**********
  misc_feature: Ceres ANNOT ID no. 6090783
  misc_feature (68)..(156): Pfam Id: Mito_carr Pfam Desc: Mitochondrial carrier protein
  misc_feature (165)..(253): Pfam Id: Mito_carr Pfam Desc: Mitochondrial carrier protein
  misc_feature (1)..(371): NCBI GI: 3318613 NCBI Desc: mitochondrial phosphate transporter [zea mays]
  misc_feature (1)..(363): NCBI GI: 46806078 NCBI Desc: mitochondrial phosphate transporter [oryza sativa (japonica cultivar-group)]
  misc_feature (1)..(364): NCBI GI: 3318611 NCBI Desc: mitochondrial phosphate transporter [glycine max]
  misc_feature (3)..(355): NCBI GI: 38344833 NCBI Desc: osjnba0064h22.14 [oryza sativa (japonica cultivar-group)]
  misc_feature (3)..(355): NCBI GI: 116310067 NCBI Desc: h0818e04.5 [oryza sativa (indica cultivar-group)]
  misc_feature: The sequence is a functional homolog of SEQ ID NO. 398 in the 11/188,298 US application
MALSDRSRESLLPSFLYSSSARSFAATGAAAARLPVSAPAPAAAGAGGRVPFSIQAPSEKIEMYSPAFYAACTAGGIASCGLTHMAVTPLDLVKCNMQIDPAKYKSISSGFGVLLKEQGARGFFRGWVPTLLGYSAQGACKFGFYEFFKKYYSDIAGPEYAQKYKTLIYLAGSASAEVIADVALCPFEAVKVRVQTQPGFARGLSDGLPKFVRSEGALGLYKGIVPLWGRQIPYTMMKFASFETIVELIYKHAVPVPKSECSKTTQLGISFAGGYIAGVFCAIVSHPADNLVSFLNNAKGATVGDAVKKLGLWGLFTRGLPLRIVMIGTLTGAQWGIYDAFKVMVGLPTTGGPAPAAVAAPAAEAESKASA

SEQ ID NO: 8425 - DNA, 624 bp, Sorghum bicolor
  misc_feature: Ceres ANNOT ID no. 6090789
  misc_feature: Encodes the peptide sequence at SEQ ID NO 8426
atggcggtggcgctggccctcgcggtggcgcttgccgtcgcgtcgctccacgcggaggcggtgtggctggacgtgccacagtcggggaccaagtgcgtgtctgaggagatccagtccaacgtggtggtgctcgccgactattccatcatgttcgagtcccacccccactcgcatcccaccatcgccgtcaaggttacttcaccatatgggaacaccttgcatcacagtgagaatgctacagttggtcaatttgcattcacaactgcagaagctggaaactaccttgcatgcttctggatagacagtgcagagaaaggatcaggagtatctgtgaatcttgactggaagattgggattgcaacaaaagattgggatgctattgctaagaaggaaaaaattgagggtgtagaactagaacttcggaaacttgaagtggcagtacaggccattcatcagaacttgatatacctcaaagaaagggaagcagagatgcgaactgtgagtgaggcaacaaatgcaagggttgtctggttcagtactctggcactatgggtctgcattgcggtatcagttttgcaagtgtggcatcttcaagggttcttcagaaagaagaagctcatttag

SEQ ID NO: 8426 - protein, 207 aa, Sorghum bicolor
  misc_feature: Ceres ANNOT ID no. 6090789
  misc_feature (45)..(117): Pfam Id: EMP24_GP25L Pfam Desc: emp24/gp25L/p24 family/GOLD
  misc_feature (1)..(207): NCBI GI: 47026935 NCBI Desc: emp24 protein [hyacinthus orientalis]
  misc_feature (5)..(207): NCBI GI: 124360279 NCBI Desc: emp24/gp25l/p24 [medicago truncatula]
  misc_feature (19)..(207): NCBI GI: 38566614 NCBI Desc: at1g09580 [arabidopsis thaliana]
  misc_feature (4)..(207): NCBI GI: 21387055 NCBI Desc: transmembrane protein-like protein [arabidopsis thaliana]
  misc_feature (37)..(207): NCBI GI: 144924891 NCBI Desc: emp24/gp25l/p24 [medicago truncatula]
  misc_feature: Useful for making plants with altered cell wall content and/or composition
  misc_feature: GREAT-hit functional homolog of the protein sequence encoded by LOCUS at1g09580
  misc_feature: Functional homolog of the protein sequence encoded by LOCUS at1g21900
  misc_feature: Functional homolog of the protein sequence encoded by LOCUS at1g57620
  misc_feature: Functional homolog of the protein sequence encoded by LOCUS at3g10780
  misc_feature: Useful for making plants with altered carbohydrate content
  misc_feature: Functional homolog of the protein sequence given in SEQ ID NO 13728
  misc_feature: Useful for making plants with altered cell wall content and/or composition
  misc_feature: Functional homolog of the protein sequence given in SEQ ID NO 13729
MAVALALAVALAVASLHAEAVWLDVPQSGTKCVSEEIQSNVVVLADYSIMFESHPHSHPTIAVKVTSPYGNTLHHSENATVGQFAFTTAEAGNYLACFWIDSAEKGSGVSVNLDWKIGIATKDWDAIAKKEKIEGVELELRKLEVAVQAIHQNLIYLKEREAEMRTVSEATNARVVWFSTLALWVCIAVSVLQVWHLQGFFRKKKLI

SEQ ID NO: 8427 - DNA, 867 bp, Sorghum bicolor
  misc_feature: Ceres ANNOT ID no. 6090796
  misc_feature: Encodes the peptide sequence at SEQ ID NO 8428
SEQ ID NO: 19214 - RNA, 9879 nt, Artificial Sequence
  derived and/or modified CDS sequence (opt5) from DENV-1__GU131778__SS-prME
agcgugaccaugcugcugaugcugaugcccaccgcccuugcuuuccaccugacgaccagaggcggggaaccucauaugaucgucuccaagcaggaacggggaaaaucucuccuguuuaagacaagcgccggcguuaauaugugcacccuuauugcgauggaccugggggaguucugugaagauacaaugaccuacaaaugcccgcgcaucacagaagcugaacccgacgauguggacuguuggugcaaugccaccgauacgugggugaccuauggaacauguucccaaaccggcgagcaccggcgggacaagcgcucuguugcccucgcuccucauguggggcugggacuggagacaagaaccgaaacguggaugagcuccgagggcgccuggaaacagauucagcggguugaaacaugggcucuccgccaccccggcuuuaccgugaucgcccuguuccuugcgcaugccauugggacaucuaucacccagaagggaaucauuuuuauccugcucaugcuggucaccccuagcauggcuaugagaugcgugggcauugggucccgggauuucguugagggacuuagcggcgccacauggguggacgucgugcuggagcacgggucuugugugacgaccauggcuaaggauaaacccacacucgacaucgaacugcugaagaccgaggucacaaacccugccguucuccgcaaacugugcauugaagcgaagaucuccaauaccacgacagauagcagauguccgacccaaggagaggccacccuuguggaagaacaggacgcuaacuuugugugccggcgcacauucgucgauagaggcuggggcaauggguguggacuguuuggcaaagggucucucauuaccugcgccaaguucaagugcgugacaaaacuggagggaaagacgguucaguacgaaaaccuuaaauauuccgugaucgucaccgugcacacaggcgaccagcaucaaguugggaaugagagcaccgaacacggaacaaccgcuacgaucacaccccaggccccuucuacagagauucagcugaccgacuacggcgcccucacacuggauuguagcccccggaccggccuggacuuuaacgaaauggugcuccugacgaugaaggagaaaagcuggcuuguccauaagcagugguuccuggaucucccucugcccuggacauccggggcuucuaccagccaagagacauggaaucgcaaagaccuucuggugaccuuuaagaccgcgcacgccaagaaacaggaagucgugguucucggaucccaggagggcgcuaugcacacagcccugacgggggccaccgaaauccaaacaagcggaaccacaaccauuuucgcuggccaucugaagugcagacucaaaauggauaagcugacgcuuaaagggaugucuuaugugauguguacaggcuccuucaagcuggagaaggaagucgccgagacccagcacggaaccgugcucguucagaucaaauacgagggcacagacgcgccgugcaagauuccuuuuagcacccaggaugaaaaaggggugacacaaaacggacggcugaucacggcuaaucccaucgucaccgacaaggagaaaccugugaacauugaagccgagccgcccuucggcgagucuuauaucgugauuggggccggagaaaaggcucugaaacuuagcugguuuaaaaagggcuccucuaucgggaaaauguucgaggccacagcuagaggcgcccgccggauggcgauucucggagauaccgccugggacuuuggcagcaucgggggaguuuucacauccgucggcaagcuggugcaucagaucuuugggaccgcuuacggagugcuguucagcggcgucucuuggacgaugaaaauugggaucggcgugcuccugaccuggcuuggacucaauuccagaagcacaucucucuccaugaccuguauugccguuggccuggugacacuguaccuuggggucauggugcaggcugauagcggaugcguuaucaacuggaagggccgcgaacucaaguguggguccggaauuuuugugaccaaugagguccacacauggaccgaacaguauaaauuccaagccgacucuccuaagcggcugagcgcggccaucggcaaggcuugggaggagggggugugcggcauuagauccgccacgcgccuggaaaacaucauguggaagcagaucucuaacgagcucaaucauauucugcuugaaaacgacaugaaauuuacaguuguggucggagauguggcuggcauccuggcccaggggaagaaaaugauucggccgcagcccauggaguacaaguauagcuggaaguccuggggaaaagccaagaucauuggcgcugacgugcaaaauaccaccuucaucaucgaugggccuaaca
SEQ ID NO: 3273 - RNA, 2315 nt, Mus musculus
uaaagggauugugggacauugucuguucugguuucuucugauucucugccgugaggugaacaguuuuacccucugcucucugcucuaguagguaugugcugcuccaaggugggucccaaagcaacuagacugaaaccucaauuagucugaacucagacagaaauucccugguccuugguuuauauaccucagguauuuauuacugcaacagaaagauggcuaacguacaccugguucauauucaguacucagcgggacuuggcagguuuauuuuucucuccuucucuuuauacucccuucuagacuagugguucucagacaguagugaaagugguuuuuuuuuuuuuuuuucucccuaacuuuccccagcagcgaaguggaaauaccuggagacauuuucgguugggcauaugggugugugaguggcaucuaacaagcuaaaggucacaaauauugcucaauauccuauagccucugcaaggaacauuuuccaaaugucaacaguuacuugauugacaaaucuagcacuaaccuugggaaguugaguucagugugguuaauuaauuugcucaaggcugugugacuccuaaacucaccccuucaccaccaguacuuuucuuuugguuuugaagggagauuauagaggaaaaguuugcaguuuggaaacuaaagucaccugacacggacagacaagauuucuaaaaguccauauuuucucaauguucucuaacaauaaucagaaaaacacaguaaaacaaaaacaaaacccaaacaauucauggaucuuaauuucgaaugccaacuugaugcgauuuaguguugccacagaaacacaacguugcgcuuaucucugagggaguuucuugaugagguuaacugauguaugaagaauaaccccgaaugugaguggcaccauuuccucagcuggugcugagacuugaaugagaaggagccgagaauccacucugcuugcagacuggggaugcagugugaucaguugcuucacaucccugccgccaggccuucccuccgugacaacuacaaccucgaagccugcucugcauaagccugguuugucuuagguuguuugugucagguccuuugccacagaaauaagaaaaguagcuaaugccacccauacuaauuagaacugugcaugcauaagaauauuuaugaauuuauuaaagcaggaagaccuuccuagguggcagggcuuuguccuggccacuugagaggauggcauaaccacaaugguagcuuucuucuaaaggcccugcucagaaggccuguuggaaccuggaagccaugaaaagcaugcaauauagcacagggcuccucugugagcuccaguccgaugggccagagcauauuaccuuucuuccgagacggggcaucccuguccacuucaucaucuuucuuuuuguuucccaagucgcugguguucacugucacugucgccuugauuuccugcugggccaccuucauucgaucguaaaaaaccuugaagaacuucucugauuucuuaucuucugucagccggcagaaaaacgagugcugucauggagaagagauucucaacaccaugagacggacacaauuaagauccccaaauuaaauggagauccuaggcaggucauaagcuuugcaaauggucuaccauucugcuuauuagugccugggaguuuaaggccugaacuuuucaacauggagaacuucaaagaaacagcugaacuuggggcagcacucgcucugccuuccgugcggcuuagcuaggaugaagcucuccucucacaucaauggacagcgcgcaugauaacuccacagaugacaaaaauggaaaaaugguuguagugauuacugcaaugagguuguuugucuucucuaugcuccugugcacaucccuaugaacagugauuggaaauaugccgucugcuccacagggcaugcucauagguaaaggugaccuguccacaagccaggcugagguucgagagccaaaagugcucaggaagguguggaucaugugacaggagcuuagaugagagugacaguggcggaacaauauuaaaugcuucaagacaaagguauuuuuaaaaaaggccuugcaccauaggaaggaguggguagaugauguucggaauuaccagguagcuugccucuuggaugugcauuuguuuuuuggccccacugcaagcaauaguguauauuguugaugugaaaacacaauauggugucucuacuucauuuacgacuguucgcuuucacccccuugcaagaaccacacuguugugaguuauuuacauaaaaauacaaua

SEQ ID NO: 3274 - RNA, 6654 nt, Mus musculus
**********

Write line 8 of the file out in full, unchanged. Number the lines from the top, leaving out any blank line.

  misc_feature (3)..(355): NCBI GI: 116310067 NCBI Desc: h0818e04.5 [oryza sativa (indica cultivar-group)]